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Keeler: Jeffrey MacDonald, the Green Beret who killed his family, reasserts his innocence

Jeffrey MacDonald at the Federal Correctional Institution in

Jeffrey MacDonald at the Federal Correctional Institution in Sheridan, OR. A former Green Beret doctor from Patchogue, he was convicted of murdering his wife and two daughters in 1970. (June 12, 1997) Credit: AP

It’s the case that never seems to die. It’s now been nearly 40 years since I wrote my first story, in February 1973, on the case of Jeffrey Robert MacDonald.

Now the case is back—on the shelves of bookstores, on national television, on CBS Sunday Morning and in the headlines from a North Carolina federal courtroom, where MacDonald is once again trying to prove he didn’t slaughter his family.

The story begins on Long Island, where MacDonald grew up, in Patchogue. The crime at the heart of it took place in military housing at Fort Bragg, N.C. At the time, MacDonald was a doctor in the United States Army Special Forces, the Green Berets. He lived on base with his pregnant wife, Colette, and their daughters, Kimberly, 5, and Kristen, 2. On Feb. 17, 1970, someone beat and stabbed Colette and the two girls to death.

MPs found MacDonald injured, but alive. He attributed the crimes to a band of hippies. In the era of the gruesome murders in California led by Charles Manson, his story seemed plausible enough on the surface.

At first, Colette’s mother and stepfather, Mildred and Alfred Kassab, believed MacDonald’s version and supported him staunchly. But then, after the Army investigated and found insufficient evidence to prosecute MacDonald for the murders, the Kassabs began to doubt.

They obtained a copy of the 16-volume transcript of the Army investigation, and Fred Kassab read it compulsively, making it his bible. In 1973, I heard from John Cummings, who had covered the murders for Newsday in 1970, that the Kassabs were changing their minds about MacDonald. So I interviewed them at their home in Stony Brook and wrote a story airing those doubts.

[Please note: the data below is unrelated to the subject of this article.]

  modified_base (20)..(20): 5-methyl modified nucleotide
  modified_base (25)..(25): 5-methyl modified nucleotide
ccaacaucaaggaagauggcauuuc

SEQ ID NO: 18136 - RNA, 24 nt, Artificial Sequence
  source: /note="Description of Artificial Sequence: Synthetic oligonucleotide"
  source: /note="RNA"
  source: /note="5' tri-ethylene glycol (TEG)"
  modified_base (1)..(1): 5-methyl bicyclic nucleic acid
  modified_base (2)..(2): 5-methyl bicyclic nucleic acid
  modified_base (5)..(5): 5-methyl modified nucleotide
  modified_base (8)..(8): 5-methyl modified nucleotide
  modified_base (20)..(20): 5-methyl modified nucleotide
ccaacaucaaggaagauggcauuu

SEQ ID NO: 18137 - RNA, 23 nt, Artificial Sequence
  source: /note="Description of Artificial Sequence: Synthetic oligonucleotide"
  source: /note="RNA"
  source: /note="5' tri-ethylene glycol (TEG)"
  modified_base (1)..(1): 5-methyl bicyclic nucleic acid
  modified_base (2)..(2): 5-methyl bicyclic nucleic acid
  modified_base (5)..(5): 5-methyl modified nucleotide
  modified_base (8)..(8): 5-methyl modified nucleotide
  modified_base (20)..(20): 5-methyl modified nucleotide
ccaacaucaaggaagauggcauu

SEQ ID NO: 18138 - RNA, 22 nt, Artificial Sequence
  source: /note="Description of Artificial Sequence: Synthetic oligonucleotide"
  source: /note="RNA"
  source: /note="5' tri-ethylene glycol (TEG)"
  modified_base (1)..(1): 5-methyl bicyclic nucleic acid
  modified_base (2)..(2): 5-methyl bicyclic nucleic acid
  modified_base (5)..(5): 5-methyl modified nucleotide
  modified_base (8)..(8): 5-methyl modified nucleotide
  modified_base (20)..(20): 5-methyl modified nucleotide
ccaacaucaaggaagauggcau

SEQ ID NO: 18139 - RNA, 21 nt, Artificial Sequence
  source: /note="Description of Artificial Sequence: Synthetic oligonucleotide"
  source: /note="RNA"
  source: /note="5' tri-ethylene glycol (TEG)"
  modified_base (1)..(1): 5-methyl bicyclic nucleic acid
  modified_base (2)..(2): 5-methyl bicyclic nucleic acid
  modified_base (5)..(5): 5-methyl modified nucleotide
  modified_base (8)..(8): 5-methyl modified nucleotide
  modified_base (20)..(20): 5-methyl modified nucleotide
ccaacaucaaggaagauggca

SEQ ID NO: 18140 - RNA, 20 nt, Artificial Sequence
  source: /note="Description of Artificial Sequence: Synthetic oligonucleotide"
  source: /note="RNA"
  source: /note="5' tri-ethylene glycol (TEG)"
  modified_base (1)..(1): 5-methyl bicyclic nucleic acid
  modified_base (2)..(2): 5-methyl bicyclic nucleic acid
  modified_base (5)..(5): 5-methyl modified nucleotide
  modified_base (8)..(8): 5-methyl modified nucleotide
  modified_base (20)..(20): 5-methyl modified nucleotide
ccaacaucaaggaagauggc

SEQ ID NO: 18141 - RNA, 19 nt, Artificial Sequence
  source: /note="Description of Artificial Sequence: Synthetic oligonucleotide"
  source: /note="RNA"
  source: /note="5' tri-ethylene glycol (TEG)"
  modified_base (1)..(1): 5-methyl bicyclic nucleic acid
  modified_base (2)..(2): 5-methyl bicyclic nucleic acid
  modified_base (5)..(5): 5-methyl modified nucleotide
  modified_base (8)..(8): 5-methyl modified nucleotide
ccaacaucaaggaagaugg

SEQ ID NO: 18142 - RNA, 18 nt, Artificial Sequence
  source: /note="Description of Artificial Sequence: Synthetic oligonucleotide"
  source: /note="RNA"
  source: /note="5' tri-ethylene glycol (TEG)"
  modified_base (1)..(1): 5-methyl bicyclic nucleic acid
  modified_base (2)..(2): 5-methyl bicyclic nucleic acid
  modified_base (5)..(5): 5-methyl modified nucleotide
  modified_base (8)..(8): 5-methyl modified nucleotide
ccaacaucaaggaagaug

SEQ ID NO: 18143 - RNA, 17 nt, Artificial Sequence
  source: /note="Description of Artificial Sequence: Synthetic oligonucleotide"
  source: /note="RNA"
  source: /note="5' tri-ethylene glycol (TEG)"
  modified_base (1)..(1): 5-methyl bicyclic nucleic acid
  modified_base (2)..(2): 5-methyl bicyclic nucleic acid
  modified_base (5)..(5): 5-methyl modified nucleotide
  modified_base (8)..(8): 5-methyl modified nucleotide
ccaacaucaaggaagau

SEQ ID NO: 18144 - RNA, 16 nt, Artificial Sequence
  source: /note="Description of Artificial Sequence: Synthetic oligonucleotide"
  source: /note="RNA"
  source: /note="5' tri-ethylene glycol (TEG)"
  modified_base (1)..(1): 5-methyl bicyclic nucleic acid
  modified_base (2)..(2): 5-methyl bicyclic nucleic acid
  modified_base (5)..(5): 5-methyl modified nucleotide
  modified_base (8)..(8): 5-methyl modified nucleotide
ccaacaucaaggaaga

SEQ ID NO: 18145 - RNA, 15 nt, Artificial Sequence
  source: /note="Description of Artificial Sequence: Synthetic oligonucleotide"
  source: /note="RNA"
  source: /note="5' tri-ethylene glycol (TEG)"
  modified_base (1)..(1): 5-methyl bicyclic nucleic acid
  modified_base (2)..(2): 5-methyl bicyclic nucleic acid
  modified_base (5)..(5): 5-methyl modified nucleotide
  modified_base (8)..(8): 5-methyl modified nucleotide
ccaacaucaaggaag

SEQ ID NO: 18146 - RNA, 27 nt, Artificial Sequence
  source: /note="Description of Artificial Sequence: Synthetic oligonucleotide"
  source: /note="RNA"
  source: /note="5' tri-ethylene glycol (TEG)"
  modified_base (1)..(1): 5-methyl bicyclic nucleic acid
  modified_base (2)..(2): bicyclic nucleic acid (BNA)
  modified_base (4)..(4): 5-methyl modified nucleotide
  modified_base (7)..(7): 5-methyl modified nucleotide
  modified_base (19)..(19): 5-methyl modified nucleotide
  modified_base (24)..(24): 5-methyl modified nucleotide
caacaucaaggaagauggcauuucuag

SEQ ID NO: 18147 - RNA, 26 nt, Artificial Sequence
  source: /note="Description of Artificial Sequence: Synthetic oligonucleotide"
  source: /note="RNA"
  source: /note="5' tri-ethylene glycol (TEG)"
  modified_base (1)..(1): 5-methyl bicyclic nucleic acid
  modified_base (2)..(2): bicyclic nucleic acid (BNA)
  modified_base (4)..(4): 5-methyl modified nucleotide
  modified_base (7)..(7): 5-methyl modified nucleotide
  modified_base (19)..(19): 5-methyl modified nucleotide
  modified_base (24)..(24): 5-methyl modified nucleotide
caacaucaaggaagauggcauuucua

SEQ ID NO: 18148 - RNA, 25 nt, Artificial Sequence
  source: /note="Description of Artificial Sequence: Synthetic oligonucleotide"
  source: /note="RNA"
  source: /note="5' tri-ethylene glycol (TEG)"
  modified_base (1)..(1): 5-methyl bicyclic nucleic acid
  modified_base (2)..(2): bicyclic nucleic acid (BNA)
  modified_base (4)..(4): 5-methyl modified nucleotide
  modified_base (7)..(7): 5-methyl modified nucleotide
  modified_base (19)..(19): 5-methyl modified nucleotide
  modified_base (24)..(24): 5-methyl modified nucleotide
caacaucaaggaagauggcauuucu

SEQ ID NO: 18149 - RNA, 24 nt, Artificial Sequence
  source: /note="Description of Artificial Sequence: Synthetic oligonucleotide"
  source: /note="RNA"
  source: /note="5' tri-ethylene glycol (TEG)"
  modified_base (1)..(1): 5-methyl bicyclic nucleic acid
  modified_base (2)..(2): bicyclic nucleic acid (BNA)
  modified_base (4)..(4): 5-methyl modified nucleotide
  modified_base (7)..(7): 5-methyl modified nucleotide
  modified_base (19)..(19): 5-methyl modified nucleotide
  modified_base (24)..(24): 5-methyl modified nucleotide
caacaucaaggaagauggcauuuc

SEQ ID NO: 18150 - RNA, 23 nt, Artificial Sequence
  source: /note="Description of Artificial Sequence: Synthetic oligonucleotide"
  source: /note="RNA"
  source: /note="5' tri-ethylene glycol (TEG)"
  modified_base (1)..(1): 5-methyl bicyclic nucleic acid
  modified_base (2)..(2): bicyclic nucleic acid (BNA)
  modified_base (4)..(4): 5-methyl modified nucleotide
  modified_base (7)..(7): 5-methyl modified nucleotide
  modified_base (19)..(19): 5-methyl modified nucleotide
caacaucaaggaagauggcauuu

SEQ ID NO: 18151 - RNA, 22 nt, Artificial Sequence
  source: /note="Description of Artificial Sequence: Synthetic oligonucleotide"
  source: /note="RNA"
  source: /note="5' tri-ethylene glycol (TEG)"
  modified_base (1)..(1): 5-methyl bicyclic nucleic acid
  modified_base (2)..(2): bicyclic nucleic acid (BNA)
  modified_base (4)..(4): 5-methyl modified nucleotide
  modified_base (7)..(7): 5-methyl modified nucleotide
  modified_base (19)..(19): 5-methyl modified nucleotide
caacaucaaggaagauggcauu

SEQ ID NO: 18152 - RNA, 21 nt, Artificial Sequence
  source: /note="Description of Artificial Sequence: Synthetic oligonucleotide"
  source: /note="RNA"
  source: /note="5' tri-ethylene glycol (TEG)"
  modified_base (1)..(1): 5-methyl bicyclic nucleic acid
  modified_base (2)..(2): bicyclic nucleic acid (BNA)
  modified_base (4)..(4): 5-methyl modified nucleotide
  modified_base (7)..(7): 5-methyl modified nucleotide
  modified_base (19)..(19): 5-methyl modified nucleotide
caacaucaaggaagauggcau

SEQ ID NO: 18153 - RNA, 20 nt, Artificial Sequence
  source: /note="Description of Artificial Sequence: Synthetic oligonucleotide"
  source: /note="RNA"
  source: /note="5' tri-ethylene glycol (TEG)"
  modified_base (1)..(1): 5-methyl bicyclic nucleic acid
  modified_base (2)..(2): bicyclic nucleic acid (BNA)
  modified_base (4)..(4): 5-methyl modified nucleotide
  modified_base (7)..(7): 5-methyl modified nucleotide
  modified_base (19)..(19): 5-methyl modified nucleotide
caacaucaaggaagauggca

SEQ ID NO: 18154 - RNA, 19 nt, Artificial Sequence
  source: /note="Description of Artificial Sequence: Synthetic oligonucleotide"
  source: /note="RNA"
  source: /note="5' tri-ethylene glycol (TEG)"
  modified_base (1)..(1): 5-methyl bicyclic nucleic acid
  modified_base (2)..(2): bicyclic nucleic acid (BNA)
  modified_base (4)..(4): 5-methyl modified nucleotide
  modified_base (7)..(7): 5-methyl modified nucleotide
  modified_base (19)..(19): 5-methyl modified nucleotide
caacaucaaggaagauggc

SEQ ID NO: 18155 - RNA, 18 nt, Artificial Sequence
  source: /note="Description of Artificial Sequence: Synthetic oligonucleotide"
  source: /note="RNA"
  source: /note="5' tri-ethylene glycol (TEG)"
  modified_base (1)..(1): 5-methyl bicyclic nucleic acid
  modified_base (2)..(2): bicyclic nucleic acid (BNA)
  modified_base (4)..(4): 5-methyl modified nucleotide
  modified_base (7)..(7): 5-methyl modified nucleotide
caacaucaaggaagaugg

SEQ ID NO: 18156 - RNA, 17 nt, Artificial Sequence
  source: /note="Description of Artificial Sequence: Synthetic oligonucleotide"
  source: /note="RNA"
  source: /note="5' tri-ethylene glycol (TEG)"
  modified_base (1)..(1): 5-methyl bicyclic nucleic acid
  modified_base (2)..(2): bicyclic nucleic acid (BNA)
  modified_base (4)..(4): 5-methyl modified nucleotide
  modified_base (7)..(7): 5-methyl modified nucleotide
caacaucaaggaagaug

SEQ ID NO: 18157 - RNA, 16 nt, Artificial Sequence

For years after that, whatever job I had at Newsday, I’d always cover major events in the MacDonald case. In 1974, I covered the federal grand jury proceedings in Raleigh, N.C. The Kassabs, with legal advice from Long Island attorney Richard Caleb Cahn, had succeeded in persuading a federal judge to convene the grand jury. In 1979, I covered every minute of the six-week trial in Raleigh. And I wrote two Newsday magazine pieces: one on the 10th anniversary of the murders and one when the Joe McGinniss book, “Fatal Vision,” came out in 1983. McGinniss had lived with MacDonald’s defense team throughout the trial, but came to the conclusion that MacDonald was guilty. I interviewed MacDonald in federal prison in Texas, days after Mike Wallace of 60 Minutes had visited him, and we both brought him bad news: He had thought the McGinniss book would portray him as a wronged, innocent man. It didn’t.

Now Errol Morris, a rightfully acclaimed documentary film maker, has a new book out, “A Wilderness of Error,” the product of many years of his fascination with the case.

He and I spoke briefly a few months ago about MacDonald. I admire his journalistic zeal and doggedness, but he has come to a different conclusion than the jury’s—and mine: He believes that MacDonald is, in fact, innocent.

Morris appeared on a recent segment of CBS Sunday Morning to talk about the case and the book. The story still has legs, as they say, partly because of the McGinniss book and the TV film about the case—and because it would be a monstrous injustice if MacDonald has spent more than three decades in prison for a crime he didn’t commit, a crime that left his whole family bloodied and dead in their home.

The Morris book appeared in bookstores not long before a hearing in federal court this week, in Wilmington, N.C. It revolves around DNA evidence on hairs found at the crime scene that did not belong to any member of the MacDonald family. It also examines a federal marshal’s statement that a federal prosecutor had threatened a woman named Helena Stoeckley, a drug addict who has said outside the courtroom that she was in the MacDonald house the night of the murders. The marshal said that the prosecutor threatened to charge Stoeckley with murder if she testified at trial that she was in the MacDonald house that night. When she actually took the witness stand, she made no such confession.

Some would argue that this is MacDonald’s last chance at exoneration. But this is the case that never dies. As long as he draws breath, he will continue to argue that he didn’t kill his wife and daughters. In case you’re curious, there are websites arguing both sides. This one argues for MacDonald’s innocence: http://www.themacdonaldcase.org/. And this one maintains his guilt: http://www.thejeffreymacdonaldcase.com.

As for me, all these years after that first interview with the Kassabs, after covering the trial and writing thousands of words on this case, my belief that MacDonald committed these crimes remains unshaken.

Pictured above: Jeffrey MacDonald at the Federal Correctional Institution in Sheridan, OR. A former Green Beret doctor from Patchogue , he was convicted of murdering his wife and two daughters in 1970. (June 12, 1997)

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